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LONDON — “Alexander McQueen: Savage Beauty,” the record-breaking show held at New York’s Metropolitan Museum of Art in 2011, is headed to the Victoria and Albert Museum here.
The show will open in the spring of 2015. Tickets go on sale at 10 a.m. today.
This story first appeared in the April 25, 2014 issue of WWD. Subscribe Today.
It will be the first and largest retrospective of the late designer’s work to be presented in Europe. The show will span McQueen’s oeuvre, from his 1992 M.A. graduate collection to his unfinished fall 2010 collection. McQueen committed suicide in February 2010.
The V&A said late Thursday that McQueen’s designs will be presented with the “dramatic staging and sense of spectacle synonymous with his runway shows.”
“Lee Alexander McQueen was brought up in London, studied here, and based his globally successful McQueen fashion brand here. By staging the exhibition at the V&A, it feels like we are bringing his work home,” said Martin Roth, director of the V&A.
The museum has been working toward hosting the show since Roth’s arrival at the end of 2011, according to a source familiar with the V&A.
The original version of “Savage Beauty” at the Met was organized by the Costume Institute and became one of the museum’s top 10 most visited exhibitions.
More than half a million people saw “Savage Beauty,” which the museum ended up extending by one week. The Met also kept its doors open until midnight on the final weekend to accommodate the final rush of visitors.
Jonathan Akeroyd, chief executive officer of Alexander McQueen, said: “We are incredibly proud as a house to be able to showcase Lee’s visionary body of work in London as a celebration of his legacy and an inspiration to a future generation.”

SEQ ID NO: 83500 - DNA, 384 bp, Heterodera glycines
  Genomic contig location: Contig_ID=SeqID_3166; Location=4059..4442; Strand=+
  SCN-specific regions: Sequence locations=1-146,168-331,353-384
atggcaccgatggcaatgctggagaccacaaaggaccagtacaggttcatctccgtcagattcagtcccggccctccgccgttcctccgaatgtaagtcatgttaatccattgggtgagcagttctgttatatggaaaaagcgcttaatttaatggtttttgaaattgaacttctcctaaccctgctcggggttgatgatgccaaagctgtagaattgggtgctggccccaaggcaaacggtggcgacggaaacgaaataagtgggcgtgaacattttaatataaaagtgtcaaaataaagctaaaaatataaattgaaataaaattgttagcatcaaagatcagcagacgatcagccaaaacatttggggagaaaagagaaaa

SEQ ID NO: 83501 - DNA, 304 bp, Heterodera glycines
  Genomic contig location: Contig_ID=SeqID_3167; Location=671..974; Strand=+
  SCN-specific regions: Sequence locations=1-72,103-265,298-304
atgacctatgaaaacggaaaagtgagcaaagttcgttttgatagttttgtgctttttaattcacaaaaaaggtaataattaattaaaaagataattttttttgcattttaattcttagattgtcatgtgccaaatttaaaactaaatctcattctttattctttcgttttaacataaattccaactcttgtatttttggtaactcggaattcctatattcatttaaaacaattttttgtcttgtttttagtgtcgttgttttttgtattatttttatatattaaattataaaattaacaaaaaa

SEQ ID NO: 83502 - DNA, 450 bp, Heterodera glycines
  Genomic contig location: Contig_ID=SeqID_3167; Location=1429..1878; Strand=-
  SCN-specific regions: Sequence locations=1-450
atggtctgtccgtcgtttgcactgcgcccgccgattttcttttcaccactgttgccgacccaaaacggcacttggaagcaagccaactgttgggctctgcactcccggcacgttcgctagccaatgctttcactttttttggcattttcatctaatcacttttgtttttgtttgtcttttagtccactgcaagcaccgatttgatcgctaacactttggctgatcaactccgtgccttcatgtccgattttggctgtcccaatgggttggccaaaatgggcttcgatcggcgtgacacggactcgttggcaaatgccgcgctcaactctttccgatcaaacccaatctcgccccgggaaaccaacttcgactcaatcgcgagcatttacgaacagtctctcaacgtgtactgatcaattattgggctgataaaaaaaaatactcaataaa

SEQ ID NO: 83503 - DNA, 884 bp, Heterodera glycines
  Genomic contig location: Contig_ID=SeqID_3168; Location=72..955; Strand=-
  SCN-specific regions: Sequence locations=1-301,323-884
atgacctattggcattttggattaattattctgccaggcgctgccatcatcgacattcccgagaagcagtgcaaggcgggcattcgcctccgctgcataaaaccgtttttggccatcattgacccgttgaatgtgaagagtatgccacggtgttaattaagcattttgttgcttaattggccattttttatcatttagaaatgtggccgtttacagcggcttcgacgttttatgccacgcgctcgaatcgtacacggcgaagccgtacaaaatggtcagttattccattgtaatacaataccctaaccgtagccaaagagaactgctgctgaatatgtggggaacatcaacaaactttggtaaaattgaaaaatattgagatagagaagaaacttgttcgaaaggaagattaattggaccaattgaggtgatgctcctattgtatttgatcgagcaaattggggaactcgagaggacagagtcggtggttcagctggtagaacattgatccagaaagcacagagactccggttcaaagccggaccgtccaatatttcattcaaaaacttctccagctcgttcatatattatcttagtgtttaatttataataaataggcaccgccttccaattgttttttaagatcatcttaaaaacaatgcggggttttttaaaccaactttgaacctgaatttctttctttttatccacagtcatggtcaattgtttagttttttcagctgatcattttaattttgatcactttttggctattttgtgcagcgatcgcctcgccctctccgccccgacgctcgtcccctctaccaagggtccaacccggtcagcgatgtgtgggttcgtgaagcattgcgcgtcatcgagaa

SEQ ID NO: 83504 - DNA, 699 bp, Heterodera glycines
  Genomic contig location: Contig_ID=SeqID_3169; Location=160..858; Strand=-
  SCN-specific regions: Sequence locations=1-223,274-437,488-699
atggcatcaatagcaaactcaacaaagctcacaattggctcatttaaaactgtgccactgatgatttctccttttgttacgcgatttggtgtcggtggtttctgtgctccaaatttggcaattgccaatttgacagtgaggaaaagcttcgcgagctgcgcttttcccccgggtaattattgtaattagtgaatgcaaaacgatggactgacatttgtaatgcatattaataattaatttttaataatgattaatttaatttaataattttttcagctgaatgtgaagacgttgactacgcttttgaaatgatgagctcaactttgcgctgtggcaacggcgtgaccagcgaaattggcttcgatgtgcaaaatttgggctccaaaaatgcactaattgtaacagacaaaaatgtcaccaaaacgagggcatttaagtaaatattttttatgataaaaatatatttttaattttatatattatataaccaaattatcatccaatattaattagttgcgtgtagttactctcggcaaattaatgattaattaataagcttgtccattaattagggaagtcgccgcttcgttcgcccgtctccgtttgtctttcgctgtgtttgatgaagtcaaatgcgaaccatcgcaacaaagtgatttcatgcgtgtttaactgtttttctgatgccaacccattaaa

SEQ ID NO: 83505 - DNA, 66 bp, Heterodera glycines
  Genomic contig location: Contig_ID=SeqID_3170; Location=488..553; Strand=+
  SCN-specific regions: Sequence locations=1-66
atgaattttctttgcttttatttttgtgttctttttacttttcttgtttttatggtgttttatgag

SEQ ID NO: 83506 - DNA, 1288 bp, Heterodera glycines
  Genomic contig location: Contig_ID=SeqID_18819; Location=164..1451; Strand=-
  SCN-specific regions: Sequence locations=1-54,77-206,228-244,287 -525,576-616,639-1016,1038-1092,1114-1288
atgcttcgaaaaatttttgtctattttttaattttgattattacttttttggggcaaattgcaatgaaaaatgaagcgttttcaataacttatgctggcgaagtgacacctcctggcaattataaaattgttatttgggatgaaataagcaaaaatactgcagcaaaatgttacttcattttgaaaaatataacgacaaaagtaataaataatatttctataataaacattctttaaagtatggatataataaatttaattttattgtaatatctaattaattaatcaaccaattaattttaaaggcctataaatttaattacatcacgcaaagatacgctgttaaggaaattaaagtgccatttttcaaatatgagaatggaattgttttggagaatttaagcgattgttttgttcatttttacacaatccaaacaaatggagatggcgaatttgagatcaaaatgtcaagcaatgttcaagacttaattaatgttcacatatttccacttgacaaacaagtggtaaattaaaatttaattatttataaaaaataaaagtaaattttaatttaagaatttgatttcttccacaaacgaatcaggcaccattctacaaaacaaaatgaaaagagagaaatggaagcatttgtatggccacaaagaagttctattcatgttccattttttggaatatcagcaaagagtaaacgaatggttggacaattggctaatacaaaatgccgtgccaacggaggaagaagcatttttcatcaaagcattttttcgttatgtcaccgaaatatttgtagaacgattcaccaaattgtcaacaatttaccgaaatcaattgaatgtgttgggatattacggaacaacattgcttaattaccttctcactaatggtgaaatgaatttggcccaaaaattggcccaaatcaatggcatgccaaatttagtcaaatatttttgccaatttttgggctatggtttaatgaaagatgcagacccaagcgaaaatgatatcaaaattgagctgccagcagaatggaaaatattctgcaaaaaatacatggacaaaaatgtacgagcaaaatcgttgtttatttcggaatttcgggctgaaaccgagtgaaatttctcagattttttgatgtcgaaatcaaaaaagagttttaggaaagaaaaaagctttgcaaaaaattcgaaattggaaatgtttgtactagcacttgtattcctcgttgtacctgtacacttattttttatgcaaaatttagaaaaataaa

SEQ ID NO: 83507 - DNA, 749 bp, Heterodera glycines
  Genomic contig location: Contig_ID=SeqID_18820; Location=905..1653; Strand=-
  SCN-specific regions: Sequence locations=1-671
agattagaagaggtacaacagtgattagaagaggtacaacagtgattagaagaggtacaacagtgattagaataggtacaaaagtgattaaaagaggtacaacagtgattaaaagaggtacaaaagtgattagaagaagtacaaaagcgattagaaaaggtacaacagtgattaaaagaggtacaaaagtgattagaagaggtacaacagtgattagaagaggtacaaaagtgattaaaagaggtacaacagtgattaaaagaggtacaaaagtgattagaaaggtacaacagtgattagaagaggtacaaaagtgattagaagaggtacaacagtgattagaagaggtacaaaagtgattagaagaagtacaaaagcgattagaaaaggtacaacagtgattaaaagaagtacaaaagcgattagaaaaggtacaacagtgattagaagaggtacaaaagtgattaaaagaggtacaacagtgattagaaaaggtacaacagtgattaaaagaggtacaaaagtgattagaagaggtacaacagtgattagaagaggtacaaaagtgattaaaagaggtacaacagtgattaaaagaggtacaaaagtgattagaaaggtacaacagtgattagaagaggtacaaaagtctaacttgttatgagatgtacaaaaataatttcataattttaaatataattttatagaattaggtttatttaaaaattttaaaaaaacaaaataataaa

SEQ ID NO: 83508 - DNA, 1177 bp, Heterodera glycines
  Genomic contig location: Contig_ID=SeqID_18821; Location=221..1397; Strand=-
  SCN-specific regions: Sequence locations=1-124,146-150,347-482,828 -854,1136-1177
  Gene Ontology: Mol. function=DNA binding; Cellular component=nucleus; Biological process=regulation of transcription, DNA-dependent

The V&A said the show is being staged with the cooperation of Alexander McQueen, and will be in partnership with Swarovski, which has worked with the fashion label since 1998. The show is supported by American Express.
During his lifetime, McQueen maintained strong ties with the V&A: As a student attending Central Saint Martins, he used it as a place of inspiration, and his pink jumpsuit that featured in the V&A’s “The Cutting Edge” show in 1996 is now a permanent part of the museum’s collection.
In 2001, a dress made from oyster shells from McQueen’s Voss collection was part of the museum’s “Radical Fashion” exhibition, while in 2003, the V&A commissioned McQueen and Tord Boontje to design a Christmas tree for the grand entrance. Inspired by the way that snow turns to ice, the tree was made from 100,000 Swarovski crystals on polished stainless steel branches, and was named “Silent Night.”